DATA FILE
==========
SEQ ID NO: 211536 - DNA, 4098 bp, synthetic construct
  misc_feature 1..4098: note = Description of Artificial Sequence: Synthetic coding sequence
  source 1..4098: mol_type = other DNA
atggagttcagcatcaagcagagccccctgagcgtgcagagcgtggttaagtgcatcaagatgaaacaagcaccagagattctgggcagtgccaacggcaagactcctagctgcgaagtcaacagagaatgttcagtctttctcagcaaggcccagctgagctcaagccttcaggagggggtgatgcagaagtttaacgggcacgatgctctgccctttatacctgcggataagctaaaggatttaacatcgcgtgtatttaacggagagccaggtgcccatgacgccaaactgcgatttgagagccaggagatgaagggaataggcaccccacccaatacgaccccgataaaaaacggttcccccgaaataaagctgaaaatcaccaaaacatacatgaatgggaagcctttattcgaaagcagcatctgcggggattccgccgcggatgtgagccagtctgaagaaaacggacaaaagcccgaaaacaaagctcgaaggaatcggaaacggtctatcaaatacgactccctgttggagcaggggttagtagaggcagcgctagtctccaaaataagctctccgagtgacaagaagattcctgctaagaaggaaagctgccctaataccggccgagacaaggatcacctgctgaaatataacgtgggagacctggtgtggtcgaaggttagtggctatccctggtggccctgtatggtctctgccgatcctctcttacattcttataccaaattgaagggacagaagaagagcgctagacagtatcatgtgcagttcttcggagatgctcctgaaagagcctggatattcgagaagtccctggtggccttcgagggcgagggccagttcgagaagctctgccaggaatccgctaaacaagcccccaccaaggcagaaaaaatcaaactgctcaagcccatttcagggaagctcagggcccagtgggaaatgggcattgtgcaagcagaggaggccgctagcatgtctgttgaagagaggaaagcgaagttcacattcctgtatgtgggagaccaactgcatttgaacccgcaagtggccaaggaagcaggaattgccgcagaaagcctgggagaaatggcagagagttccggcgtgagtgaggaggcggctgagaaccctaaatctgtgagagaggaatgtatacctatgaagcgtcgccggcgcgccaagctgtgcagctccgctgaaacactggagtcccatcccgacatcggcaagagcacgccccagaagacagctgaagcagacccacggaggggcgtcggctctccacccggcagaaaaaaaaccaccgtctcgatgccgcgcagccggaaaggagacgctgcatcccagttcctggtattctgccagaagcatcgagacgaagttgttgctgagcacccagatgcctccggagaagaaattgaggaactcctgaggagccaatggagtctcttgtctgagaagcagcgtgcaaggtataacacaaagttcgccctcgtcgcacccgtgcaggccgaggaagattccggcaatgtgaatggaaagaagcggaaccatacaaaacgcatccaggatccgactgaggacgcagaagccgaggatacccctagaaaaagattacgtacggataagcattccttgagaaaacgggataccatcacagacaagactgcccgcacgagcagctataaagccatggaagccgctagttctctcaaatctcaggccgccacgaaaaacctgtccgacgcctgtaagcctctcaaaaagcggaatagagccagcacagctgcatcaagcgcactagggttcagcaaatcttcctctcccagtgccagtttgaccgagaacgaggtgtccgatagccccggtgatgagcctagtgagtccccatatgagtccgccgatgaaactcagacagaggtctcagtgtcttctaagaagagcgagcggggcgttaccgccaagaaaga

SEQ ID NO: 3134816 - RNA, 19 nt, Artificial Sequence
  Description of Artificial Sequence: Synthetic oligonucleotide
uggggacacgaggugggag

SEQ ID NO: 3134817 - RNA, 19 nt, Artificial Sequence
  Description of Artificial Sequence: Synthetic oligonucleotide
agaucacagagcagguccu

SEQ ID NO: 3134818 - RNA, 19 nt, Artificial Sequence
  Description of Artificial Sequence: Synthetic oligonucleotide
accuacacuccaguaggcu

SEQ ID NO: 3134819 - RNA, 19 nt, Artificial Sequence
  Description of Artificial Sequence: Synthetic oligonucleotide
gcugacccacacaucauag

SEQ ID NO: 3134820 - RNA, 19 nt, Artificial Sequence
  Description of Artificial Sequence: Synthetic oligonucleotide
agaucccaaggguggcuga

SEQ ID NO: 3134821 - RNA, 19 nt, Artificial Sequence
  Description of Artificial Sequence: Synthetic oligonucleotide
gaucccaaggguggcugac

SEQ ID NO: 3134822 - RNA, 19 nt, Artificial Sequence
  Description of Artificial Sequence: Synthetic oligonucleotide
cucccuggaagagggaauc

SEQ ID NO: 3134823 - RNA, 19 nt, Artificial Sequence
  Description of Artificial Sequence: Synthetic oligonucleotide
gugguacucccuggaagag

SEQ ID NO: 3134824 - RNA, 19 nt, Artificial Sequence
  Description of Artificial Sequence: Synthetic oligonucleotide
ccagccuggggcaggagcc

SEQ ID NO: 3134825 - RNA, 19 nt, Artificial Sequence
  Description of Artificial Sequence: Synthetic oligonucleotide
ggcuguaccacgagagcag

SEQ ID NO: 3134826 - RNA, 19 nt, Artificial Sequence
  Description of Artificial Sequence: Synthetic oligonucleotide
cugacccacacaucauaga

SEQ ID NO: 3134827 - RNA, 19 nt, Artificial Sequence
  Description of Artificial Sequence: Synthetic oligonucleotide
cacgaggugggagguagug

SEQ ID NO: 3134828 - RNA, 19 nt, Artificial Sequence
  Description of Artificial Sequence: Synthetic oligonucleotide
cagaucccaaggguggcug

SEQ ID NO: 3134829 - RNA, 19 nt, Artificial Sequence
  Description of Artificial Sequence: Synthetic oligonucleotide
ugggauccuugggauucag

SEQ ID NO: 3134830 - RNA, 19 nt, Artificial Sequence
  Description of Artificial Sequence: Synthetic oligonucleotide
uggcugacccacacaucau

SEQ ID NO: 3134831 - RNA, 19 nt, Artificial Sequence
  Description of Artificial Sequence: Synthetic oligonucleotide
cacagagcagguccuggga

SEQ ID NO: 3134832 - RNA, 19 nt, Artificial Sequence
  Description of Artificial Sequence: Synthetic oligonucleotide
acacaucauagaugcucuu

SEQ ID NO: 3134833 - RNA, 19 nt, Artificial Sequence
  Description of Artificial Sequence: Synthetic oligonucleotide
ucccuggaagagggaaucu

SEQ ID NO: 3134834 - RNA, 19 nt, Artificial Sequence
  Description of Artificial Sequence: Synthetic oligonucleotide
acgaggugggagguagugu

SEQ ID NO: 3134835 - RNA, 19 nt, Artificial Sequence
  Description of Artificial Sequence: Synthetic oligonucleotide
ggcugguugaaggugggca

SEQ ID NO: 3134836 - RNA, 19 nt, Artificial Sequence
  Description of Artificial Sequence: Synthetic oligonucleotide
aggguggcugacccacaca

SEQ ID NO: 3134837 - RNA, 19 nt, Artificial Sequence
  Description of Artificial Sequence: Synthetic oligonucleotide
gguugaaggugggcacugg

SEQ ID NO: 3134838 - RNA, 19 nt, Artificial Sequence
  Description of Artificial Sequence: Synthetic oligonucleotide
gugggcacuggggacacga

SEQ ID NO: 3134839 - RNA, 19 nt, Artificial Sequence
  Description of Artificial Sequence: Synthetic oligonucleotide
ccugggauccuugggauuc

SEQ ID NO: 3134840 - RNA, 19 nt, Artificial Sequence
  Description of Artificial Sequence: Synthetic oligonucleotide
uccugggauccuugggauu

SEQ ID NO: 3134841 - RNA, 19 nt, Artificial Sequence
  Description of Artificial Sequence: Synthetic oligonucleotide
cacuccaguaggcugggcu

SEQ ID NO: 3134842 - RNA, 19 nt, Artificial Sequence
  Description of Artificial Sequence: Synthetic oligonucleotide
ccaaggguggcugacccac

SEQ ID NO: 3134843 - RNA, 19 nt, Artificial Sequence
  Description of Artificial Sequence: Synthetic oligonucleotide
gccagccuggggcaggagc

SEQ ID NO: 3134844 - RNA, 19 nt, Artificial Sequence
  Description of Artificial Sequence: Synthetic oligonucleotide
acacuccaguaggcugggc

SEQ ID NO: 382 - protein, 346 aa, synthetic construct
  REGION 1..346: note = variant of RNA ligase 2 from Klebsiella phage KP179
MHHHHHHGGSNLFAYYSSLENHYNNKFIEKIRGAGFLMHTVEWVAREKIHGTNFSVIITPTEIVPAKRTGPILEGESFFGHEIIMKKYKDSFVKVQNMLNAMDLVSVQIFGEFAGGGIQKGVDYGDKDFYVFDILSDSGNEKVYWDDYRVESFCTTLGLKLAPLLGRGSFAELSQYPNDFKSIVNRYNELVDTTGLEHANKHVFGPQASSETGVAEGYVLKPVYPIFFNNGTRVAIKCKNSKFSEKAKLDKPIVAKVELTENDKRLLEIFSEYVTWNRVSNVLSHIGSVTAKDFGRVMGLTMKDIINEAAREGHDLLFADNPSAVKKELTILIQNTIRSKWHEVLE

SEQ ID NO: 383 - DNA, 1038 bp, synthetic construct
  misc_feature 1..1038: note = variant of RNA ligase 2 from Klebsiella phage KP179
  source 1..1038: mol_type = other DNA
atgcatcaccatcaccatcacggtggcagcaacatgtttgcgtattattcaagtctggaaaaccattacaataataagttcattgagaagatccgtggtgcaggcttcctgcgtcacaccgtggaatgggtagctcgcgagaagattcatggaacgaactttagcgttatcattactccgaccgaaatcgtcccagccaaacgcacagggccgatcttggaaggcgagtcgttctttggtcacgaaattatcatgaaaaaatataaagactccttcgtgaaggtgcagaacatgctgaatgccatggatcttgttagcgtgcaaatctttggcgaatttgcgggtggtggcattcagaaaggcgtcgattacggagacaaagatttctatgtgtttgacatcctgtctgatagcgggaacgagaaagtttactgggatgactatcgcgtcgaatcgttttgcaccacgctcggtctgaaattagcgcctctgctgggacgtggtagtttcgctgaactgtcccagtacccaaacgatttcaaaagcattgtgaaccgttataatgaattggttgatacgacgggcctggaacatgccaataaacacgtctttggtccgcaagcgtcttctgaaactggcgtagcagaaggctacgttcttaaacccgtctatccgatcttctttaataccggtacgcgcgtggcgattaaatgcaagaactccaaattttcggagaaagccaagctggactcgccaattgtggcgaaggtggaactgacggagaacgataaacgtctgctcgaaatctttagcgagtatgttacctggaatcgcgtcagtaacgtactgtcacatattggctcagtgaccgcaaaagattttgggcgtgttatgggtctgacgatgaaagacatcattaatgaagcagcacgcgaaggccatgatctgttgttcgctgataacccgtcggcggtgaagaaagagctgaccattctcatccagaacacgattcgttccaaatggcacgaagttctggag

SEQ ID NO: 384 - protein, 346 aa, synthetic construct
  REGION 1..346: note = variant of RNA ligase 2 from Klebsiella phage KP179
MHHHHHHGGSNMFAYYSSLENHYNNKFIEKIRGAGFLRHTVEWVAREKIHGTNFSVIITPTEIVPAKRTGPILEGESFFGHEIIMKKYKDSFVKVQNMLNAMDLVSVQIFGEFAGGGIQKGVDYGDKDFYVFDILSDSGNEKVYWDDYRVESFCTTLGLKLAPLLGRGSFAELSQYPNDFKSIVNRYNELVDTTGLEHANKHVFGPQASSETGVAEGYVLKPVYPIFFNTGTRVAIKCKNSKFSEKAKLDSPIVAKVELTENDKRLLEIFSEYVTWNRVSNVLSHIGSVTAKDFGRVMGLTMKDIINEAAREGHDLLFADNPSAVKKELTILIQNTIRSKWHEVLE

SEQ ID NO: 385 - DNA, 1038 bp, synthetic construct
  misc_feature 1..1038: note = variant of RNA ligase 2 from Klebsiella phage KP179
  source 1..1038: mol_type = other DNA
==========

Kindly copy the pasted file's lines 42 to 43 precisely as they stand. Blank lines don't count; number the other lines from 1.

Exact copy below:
  Description of Artificial Sequence: Synthetic oligonucleotide
cagaucccaaggguggcug